Showing posts from October, 2010

Thirty Before Thirty

I turned twenty-nine earlier this month. At risk of offending many of you, THAT SOUNDS OLD. I know, I know: there's lots of life ahead of me, but as I can't quite quiet the tick-tock-tick-tock thoughts, and as I'm one of those goal-oriented dreamers, I've constructed a list of (almost) thirty Minnesota/nature/writerly things I'd like to experience before the big 3-0.

Here are my ideas so far:
Climb on top of a hay bale and sing something
Make a pumpkin pie from scratch
Canoe and fish for sunnies on St. John's University's Lake Sagatagan
Canoe through Lake Shetek to Loon Island
Revisit the Boundary Waters Wilderness Canoe Area
Visit Minnehaha Falls
Visit the Root River Valley
Go strawberry and/or raspberry picking
Take a friend to the Carver Country Reserve
Discover a new park
Learn to name and identify at least five new plants
Learn to name and identify at least three new bird calls
Explore some new place along the North Shore
Go cross-country skiing
Make an impressive sno…


This is a dicey night for breathing. Air moves. Rather, it rushes. Something cold and northerly pounds against my windowpanes like one-hundred shoulders—in flight or pursuit, I cannot tell which. Lightning flashes. Thunder booms. There is wind and rain and snapping tree branches, snapping trees, all the remaining leaves whirling up in a maddening gyre, spinning furiously to a music that hisses through what remains in the fields. I have my ear to the glass, my hand on the window latch. There are old superstitions about stolen breath, but I am curious, and too snug anyway.




"In a world where change seems the only constant, where the past is increasingly suspect and the future ever more doubtful, it is exhilarating to be in touch with something that 'binds together all humanity--the dead to the living and the living to the unborn.'"
-- Paul Gruchow quoting Joseph Conrad From Travels in Canoe Country

The Boundary Waters

The Boundary Waters from Alex Horner on Vimeo.

This is a beautiful video made by Alex Horner. I found it via the Friends of the Boundary Waters Wilderness (another great organization I'll have to lend a full shout-out to soon). Thanks to all involved for sharing such inspiring work. I hope this carries you into a relaxing, rich weekend.



One Way To Stay Warm

In many ways, this has been a difficult fall for me. The health of ill family members have worsened. A cousin--a young, well-loved woman--died. Some stories that students trust me with are heartbreaking. Insecurity, in its strange high-schoolish form, keeps poking at my back. And people I love are moving away. There are so many forces pushing against each other inside of me that often when I return home from work, I feel the bruise of exhaustion in my organs. Especially my heart. It feels raw from beating.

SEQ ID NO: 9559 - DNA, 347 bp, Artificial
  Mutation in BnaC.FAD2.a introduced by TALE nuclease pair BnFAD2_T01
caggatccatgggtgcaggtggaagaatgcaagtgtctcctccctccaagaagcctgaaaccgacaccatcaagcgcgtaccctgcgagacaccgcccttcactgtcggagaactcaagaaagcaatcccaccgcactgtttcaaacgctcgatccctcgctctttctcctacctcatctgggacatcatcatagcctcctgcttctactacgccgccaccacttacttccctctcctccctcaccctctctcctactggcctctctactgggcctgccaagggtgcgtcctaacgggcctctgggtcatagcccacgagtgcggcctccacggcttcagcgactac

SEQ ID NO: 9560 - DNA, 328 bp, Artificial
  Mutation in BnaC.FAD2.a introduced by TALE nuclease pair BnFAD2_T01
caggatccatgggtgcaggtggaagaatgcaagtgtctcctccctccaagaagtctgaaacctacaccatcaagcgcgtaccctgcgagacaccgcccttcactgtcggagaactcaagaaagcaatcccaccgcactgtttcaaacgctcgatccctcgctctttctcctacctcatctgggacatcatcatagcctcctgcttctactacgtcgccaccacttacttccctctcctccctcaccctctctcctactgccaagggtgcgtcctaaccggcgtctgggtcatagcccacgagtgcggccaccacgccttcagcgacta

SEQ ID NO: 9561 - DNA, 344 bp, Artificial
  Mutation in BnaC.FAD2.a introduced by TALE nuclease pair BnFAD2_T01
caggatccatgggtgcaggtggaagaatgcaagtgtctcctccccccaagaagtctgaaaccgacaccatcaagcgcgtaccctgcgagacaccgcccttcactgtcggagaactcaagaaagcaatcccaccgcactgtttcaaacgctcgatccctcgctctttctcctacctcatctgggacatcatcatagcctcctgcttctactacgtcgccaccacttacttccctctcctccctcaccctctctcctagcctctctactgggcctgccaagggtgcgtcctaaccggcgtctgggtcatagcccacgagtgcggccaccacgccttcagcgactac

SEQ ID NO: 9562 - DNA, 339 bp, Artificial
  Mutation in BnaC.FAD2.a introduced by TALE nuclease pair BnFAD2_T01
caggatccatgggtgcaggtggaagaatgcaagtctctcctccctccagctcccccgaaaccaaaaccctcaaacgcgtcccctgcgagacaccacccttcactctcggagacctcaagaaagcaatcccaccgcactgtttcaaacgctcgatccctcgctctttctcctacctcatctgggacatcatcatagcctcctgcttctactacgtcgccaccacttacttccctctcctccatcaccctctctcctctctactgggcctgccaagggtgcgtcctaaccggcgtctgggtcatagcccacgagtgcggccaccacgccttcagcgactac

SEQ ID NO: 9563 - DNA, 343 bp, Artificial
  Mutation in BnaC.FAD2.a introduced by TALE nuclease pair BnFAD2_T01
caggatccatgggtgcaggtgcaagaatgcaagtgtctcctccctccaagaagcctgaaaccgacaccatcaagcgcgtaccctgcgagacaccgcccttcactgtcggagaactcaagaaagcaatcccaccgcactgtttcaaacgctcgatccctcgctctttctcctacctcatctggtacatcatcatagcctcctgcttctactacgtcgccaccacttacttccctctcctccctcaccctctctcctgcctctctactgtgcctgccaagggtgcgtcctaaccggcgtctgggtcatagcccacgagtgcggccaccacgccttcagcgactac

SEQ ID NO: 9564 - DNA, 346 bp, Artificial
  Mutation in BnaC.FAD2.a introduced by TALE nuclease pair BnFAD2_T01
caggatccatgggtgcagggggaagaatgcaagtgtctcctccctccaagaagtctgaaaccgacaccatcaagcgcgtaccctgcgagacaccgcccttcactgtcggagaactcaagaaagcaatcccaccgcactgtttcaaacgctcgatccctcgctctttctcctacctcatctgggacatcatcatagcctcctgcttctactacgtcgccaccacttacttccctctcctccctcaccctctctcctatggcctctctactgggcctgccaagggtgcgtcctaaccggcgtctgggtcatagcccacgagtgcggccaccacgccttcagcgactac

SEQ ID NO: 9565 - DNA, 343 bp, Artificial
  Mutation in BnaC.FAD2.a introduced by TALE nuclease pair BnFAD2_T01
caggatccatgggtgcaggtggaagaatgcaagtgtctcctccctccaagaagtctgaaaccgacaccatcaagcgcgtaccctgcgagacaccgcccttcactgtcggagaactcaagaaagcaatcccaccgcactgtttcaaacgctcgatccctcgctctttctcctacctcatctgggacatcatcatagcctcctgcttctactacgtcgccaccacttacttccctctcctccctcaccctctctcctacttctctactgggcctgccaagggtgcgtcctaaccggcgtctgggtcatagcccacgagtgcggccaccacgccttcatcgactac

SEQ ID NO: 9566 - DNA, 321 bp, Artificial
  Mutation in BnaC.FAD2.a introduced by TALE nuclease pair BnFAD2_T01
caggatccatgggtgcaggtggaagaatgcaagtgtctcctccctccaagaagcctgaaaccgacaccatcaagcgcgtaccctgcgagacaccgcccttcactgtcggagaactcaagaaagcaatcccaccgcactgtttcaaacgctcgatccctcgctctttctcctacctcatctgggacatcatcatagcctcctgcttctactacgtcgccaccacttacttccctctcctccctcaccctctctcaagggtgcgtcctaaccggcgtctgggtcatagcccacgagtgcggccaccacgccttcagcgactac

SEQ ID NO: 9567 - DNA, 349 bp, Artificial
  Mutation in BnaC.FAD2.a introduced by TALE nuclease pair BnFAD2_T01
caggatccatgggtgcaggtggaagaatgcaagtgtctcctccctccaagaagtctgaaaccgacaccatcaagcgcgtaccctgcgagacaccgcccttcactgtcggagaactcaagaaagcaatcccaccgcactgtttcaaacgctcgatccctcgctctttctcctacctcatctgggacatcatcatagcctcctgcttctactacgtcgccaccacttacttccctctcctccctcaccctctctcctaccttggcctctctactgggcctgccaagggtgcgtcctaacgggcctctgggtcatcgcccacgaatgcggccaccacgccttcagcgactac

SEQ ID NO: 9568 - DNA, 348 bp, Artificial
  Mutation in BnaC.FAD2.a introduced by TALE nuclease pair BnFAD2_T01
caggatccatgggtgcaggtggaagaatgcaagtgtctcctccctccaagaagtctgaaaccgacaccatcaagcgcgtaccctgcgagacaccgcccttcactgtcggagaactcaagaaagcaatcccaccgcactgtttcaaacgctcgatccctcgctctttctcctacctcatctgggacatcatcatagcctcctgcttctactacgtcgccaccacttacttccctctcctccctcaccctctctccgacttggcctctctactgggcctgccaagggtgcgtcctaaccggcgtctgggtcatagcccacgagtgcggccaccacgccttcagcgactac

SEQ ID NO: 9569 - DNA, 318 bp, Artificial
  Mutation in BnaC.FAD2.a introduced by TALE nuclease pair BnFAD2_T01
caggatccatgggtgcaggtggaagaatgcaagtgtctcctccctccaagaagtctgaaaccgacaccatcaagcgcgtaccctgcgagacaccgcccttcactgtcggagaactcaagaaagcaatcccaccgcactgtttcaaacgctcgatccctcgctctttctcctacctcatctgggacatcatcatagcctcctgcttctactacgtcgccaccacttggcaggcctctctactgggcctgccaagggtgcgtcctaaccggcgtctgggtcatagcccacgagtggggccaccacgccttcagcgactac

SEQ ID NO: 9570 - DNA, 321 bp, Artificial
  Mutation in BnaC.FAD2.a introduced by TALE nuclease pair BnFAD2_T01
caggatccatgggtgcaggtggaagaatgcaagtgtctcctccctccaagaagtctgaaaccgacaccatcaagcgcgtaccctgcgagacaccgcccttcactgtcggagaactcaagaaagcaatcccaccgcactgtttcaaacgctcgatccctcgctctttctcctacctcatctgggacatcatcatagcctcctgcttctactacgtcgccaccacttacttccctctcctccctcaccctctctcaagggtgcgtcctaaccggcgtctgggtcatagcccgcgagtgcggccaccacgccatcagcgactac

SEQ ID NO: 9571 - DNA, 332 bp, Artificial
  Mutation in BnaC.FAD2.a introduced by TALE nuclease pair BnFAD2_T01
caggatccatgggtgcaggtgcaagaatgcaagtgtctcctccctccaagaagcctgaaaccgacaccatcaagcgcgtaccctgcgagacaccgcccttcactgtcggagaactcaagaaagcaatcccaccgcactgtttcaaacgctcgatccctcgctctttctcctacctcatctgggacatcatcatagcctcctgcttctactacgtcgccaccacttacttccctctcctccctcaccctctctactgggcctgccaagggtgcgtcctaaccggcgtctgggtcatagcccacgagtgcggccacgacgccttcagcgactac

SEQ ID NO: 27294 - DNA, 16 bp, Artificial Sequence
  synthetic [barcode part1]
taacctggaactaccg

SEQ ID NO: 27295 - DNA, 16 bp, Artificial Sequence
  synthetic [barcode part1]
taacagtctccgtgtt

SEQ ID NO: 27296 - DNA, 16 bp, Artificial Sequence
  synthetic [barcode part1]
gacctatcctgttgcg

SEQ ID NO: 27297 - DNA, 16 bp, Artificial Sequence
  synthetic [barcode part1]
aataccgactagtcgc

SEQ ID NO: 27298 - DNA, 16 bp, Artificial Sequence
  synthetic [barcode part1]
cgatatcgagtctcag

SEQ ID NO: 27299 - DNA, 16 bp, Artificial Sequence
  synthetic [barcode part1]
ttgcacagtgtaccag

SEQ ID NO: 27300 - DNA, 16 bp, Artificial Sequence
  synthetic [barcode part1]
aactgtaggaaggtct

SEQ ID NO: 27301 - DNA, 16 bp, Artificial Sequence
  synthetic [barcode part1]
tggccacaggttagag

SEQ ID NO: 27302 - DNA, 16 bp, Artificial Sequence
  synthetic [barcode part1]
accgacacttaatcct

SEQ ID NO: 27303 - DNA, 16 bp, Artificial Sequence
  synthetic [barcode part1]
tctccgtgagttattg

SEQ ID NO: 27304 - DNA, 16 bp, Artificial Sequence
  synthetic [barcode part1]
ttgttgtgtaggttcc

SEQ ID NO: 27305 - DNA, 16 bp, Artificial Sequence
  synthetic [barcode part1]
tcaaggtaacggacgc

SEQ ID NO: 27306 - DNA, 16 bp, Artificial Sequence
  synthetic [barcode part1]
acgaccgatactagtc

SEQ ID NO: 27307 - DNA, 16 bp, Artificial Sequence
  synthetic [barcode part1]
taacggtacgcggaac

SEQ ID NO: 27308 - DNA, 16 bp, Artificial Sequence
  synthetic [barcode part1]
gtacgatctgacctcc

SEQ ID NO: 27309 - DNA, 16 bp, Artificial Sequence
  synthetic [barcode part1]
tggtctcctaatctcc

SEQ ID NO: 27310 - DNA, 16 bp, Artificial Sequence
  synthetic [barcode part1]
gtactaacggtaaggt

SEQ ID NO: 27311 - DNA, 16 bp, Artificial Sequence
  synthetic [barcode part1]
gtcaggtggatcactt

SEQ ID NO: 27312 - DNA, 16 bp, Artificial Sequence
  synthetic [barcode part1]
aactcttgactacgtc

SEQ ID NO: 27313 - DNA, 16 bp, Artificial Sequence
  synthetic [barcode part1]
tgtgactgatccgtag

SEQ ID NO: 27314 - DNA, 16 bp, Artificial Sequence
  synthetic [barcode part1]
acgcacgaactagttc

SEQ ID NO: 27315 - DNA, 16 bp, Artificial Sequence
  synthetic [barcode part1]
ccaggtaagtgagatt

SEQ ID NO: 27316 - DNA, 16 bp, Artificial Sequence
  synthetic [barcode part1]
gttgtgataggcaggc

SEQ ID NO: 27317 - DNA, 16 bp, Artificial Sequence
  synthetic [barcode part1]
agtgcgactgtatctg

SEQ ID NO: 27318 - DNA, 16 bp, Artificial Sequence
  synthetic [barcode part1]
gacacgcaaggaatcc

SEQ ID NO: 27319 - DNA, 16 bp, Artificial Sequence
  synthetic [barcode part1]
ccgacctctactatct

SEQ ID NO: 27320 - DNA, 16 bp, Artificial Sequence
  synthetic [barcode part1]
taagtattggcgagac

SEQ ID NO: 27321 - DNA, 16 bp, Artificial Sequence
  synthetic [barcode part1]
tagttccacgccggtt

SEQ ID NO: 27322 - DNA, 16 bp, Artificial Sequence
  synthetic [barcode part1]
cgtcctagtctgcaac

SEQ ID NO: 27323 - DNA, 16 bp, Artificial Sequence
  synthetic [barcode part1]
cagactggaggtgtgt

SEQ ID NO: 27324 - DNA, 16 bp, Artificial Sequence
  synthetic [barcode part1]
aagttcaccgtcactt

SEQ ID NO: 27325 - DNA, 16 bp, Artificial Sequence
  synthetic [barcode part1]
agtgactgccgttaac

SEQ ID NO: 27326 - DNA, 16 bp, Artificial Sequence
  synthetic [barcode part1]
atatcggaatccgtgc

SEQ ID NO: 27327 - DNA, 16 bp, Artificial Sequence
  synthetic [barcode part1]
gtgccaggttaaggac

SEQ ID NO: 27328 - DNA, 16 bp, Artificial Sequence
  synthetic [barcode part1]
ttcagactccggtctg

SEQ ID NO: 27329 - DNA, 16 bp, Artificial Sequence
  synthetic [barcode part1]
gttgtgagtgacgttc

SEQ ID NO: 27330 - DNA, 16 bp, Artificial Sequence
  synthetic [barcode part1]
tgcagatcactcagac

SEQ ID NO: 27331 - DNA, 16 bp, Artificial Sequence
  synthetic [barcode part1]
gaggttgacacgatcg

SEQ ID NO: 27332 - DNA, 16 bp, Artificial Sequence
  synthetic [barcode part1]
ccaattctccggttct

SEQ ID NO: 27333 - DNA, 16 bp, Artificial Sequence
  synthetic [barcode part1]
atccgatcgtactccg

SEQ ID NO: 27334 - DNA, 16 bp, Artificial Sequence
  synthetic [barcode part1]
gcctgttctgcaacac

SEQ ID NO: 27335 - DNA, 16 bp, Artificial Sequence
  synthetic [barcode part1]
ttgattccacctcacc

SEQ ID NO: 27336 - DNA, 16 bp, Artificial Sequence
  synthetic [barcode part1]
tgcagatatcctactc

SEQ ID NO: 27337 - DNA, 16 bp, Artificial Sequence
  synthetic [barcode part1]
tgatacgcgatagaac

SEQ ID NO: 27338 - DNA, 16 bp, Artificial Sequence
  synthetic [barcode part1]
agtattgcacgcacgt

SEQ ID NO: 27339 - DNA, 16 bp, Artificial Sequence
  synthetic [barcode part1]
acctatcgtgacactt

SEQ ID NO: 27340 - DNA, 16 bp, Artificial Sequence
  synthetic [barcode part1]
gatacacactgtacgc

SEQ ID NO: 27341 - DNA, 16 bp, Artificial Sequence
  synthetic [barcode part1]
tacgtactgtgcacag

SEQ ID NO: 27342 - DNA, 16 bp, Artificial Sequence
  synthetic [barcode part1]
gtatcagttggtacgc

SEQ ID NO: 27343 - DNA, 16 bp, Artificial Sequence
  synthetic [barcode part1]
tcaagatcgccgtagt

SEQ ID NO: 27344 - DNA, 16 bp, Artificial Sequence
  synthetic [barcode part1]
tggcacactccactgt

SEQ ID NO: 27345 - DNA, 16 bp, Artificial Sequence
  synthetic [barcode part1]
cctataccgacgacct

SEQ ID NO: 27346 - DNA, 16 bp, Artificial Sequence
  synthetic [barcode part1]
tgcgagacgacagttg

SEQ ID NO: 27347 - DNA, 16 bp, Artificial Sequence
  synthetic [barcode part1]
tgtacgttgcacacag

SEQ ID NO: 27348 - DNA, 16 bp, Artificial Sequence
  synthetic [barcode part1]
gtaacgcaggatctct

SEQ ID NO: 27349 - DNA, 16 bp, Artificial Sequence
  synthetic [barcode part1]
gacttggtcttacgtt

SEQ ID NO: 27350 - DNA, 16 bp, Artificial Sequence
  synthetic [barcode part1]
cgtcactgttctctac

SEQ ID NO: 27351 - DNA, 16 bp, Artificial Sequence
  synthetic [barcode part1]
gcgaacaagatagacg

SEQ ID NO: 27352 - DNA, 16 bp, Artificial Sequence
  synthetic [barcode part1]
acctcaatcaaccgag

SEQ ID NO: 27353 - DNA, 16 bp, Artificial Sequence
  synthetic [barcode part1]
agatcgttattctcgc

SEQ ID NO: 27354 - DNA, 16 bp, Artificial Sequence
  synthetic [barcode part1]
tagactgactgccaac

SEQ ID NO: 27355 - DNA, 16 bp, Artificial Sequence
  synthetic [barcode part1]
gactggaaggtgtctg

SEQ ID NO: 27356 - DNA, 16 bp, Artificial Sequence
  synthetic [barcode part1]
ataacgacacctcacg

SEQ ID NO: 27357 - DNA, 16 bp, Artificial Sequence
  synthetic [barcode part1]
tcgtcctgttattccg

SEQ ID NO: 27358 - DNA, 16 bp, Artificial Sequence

But then I find myself on another walk, standing underneath a collection of leaves that are as red as any working muscle, and it's an improbably beautiful thing. Beautiful in its color, yes. In the way the light sweeps around it. But also in that it's this red right now. That I'm in the world on this exact axis. That I did not arrive one day earlier--because it would have looked some other way--or one day later--because perhaps tonight there will be wind or rain or the le…

The Nature Conservancy

A shout out:

If you've never heard of or checked out The Nature Conservancy, ladies and gentleman, now is the time. They're involved in important work all over the world, and if you love yourself some unspoiled places, it's likely that they've had a hand or at least a finger in either the preservation of that locale or the preservation of public opinion that such sanctuaries matter. In Minnesota alone, TNC has helped conserve more than 500,000 acres of wild habitat. That's no small field of grass. And the photography they post? Let's just say it's not ugly.

There are plenty of other strong organizations out there, too. Please leave a link in the comments if you think there's one in particular I need to know about!

Bird Song

Go here! This is one of the coolest interactive creations I've found on the web in a while, so kudos to the creator (and the DNR!). Make sure to check out the black-capped chickadee. He's my favorite.

Carver Park Reserve

My commute home from work usually takes about thirty minutes. On Wednesday, it took me three hours. And I mean that literally: the road took over. And then it was a paved path leading me. And then a gravel one. And then any number or variety of field. 

How I've never discovered the Carver Park Reserve until yesterday I have no idea, being that I've driven past signs on Highway 7 indicating its presence hundreds and hundreds of times. I am a curious person, prone to driving down unfamiliar roads, reading books in strange parks, putting myself in situations that at one point (probably still) would have made my father nervous, so I really should have sniffed this place out long ago. But the important thing is that I've found it now, and that I turned down County Road 11 again yesterday, and that I will continue to do so throughout this golden season and into the next because it's a place to get lost in on purpose hour after hour after hour. 

Carver Park Reserve is located t…